Ed Miliband Housing

Margaret Miliband

You have to give it to Miliband, he does put a rabbit out of his hat at every big conference speech.
Credit where credit is due, he is pretty good at this.
Last year he led the political weather by promising a crazily dumb policy on freezing energy prices, with the potential to lead to early price hikes for consumers and supply issues – as if the total mismanagement of energy supply under the 13 years of Labour government hadn’t done enough to damage the energy market.
Hilariously ironic that he raised this as an issue given that Ed Miliband himself did most to increase energy bills all by himself in the name of climate change.
Remember – not one new power station built under Labour from 1997 to 2010, despite the relatively benign economic conditions for most of that time.
This is a useful graphic to see how and when energy prices increased:
Onto this year, and you won’t believe this but Red Ed is evoking the spirit of none other than…as you may have guessed from the title – Margaret Thatcher.
Copied straight from the Margaret Thatcher textbook is the speech’s probable headline to build up to 200,000 more new homes every year – albeit only to be reached by 2020.  Also using new home corporations, forcing companies to use land or lose it and also a new generation of garden cities.
This is clever politics.  I don’t think any of this is new policy from Labour but to lead on it and evoke the spirit of Thatcher is a clever ruse to appeal to the floating voters.
But can you trust Labour on housing?  History says no – even the Guardian harshly criticise the previous Labour administration.
This simple chart shows how population growth shot up under Labour (open door policy – another blog for another time!) and house-building didn’t keep up.
But even more shockingly given the demographic that Labour are supposed to support – only 6,330 council houses were completed in the 13 years that Labour were in charge.  Mrs Thatcher built 17,710 in 1990 alone.
Then again my beloved Tories don’t exactly have a lot to shout about either so far this parliament.  Yes, planning rules have been relaxed – lessening the burden of Labour’s regulation upon home-builders – one particularly interesting policy is that of being able to turn unused town centre offices into flats, something that is being put to good use here in the town on Reading, where I live.
However nowhere near enough is being done to increase the supply of housing, for both the wannabe home-owning classes, particularly the under 35’s – and also social housing for those in need.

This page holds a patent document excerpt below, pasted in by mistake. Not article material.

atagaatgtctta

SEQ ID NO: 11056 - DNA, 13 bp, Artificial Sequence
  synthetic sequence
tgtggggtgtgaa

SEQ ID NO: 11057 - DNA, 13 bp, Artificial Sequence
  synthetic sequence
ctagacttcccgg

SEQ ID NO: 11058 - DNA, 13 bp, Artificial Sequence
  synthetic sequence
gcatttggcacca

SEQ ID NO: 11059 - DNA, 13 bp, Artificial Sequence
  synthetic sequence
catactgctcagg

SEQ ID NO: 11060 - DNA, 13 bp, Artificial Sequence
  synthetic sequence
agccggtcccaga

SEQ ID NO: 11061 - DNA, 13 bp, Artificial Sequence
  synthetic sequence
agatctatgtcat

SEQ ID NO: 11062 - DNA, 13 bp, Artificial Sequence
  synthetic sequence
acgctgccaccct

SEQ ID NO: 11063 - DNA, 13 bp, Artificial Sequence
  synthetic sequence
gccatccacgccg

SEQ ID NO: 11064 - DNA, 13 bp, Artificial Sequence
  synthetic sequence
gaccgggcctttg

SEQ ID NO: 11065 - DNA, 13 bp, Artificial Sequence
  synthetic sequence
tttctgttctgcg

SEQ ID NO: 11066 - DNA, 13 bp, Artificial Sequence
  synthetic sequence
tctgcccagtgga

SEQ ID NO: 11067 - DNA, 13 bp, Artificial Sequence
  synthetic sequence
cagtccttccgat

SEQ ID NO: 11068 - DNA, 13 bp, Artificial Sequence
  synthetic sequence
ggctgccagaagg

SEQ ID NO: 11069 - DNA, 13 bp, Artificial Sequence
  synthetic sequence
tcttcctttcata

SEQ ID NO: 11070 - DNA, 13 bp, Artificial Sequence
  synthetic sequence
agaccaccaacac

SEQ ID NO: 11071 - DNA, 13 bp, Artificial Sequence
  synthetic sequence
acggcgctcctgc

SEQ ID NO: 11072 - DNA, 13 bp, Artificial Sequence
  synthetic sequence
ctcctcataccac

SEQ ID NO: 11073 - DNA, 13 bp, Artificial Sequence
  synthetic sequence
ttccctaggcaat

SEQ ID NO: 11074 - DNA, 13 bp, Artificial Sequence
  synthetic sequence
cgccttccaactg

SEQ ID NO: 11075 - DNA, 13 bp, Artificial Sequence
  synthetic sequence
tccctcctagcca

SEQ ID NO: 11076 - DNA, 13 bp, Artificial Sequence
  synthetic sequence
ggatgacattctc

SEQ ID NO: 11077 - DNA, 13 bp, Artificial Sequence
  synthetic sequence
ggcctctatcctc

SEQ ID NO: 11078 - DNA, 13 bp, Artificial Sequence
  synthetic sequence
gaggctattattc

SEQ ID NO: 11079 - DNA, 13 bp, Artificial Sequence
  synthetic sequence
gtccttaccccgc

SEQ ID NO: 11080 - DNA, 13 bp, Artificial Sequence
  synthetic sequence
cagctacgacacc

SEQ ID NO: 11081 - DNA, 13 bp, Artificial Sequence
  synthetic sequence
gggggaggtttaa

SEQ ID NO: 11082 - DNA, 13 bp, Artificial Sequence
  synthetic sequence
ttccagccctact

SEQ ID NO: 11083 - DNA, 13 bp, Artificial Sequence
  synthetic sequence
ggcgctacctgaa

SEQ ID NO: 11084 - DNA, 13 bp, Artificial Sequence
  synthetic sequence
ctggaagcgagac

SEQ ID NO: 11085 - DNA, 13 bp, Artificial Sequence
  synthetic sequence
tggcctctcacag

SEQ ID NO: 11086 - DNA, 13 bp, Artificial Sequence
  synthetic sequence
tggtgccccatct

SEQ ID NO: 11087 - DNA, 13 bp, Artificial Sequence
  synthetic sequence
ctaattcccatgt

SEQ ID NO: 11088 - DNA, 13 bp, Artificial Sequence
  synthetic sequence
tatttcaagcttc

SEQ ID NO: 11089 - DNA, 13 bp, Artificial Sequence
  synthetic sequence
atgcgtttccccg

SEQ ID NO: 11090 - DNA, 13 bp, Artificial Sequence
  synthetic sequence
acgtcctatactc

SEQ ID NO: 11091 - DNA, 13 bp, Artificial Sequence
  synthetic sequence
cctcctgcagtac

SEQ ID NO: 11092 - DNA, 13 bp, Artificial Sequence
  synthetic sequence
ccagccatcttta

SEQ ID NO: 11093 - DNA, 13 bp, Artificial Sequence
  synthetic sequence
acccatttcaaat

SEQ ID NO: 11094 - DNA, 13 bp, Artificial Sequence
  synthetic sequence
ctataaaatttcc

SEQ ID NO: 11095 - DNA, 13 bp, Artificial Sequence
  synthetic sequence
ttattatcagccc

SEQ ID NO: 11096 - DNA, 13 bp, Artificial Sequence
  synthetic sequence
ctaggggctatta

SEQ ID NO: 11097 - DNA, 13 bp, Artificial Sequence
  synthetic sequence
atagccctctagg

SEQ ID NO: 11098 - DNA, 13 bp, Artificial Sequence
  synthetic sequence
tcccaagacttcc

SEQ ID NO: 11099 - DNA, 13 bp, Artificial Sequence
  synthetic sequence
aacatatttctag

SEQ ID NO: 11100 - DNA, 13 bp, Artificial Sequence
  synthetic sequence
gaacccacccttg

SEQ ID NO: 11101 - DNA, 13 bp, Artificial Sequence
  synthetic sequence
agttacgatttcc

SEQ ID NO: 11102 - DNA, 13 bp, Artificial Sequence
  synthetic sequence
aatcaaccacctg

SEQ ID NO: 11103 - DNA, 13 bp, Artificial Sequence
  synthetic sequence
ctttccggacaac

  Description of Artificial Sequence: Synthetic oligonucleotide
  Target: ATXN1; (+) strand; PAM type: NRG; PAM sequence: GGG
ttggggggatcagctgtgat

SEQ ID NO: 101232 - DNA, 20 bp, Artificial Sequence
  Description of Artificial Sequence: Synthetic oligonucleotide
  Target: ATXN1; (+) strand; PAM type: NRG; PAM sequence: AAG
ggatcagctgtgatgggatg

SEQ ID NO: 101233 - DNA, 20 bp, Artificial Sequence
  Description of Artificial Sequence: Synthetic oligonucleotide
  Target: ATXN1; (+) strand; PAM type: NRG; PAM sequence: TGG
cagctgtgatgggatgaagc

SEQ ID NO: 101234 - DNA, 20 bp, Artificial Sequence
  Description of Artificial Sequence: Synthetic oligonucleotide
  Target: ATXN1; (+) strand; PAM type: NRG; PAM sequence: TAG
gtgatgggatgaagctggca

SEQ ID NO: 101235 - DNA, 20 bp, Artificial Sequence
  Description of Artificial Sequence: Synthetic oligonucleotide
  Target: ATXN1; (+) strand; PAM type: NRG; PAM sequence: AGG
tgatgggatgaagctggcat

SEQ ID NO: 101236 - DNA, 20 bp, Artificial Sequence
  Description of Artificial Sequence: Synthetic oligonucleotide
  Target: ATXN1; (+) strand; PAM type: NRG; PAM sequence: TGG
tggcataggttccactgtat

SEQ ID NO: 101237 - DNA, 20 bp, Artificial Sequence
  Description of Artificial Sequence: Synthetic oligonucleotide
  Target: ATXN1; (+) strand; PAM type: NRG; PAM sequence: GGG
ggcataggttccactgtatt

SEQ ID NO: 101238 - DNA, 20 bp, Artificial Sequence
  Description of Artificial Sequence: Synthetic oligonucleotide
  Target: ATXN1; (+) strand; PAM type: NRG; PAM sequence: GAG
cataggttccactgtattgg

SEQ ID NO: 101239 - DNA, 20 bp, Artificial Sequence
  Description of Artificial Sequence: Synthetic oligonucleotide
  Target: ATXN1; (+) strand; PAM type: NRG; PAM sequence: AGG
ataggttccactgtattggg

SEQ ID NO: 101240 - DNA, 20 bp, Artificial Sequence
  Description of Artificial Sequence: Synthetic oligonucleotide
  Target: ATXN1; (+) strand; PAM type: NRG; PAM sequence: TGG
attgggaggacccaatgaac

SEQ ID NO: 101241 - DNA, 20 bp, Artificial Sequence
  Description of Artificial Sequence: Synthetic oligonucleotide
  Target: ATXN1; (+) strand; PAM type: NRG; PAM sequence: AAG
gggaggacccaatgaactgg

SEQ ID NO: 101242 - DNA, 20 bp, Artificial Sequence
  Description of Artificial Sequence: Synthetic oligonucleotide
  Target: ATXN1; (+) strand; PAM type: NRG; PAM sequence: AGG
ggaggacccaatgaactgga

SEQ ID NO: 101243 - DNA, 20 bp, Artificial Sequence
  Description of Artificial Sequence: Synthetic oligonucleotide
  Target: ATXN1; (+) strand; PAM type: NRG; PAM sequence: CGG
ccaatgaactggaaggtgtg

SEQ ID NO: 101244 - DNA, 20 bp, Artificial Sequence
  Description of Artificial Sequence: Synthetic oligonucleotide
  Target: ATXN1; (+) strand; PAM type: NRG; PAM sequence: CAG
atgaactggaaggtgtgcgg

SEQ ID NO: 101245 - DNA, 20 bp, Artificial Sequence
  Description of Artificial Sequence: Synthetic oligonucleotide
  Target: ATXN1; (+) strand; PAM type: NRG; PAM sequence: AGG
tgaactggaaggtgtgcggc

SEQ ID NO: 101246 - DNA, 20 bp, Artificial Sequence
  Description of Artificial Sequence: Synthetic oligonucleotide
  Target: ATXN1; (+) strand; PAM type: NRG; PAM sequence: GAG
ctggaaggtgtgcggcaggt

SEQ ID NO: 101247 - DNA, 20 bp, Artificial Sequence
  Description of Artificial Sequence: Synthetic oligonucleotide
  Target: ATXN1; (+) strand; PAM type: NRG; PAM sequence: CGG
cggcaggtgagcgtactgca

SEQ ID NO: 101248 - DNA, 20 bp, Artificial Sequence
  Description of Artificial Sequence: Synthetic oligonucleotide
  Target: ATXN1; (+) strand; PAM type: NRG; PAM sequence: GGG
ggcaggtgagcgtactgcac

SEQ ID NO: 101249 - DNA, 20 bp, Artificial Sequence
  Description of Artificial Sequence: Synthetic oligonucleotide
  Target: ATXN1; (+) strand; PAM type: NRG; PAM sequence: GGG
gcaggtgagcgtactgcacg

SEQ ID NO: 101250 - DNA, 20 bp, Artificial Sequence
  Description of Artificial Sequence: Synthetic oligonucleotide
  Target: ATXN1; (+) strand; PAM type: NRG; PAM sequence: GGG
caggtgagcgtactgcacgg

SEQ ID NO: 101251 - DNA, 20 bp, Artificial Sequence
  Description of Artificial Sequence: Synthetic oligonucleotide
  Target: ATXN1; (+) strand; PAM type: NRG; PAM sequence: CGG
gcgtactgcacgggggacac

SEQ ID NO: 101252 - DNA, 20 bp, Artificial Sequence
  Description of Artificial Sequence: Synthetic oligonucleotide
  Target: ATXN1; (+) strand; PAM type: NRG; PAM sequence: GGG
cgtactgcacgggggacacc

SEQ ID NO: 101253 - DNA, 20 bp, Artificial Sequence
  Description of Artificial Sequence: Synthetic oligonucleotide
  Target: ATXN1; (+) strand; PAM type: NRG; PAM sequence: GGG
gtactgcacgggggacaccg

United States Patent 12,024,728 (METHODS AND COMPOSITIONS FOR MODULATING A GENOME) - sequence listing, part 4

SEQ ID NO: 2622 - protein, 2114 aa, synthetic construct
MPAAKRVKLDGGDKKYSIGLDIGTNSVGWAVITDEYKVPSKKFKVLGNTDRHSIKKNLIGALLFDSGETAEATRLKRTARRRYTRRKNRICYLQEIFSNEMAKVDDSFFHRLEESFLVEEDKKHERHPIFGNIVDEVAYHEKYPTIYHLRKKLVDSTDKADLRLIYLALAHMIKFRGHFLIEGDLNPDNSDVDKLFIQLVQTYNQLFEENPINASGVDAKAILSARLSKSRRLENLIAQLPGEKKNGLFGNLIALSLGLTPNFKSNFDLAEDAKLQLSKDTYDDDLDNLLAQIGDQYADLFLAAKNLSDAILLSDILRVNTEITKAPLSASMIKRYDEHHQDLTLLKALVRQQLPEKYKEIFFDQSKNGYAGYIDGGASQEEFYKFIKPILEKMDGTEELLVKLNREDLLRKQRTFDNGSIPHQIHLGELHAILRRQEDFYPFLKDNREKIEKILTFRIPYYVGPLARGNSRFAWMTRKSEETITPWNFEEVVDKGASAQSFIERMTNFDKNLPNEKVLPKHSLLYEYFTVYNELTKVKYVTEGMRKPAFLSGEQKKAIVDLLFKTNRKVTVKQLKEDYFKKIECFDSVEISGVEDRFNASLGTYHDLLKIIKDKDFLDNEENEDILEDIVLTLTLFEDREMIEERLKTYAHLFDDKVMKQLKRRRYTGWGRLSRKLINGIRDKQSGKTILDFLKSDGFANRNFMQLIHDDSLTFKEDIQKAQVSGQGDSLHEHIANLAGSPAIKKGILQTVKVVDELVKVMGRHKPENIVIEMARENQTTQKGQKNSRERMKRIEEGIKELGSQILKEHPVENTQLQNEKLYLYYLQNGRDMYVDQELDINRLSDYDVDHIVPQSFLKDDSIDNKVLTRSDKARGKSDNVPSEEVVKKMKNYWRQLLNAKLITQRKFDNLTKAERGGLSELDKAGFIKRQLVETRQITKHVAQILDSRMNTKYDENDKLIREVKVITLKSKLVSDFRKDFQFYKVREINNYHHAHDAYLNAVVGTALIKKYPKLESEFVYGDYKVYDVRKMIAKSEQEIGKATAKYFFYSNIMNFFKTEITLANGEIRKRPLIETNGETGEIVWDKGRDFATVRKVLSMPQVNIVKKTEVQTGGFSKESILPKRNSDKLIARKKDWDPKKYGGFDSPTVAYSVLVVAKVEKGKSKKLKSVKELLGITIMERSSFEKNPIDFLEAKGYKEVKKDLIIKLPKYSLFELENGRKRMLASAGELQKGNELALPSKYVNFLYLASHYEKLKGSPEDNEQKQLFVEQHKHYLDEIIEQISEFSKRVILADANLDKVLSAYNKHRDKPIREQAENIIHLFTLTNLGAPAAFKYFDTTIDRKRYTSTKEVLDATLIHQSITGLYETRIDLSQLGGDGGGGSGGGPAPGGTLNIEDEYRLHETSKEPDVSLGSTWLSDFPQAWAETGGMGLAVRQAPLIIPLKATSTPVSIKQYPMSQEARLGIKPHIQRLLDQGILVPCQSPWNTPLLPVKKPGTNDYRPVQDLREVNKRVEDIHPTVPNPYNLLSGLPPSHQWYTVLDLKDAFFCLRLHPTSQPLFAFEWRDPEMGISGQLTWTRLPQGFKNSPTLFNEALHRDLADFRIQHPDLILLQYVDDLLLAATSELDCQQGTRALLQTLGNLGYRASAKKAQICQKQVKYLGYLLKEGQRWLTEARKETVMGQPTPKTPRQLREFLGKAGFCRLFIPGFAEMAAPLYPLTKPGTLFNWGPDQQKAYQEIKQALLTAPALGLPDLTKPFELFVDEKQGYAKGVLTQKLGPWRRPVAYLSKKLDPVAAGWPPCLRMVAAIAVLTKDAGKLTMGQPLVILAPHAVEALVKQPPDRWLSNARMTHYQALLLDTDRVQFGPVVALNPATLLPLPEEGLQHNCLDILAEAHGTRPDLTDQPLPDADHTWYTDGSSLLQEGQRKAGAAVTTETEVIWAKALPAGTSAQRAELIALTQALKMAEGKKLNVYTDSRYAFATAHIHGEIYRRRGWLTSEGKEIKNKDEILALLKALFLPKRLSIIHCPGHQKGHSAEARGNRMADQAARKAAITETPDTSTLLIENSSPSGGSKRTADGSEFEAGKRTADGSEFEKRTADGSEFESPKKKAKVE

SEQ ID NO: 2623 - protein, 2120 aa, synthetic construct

I wrote to the Tory party early a few years back to try to encourage them to take housing as seriously as the economy in general, as this is not only a vote-winner but a really significant problem on many levels.  Possibly the biggest problem facing the UK outside of our debt.
I believe in market solutions, however I also believe that government should step in where markets fail.  Markets are clearly failing to build enough houses to meet demand, and have failed for around 2 decades, so my policy suggestion is for the government to set a target for each year, and any undersupply would then subsequently be funded and built by government.
My expectation is that this would nudge builders to make more use of their land and get the necessary houses built without much, or hopefully any building from government.
I would set a target of 200,000 at first and 250,000 by 2020.  Should recession occur then the target would be temporarily relaxed.
I like the garden city idea –I particularly like the idea that won the Wolfson economics prize recently to see 80,000 homes added in 40 towns and cities, including my home town of Reading.  It’s a shame the housing minister has dismissed the idea.
Controversially we should also build on 2% of the green belt.  It isn’t that much.  Housing is more important than 2% of the green belt.
With regards to social housing, I would like to see local authorities being able to borrow against future rents to build more where there is legitimate demand for social housing – for those in need, not those in want.  There was a change in this direction in the Autumn statement last year but more could be done.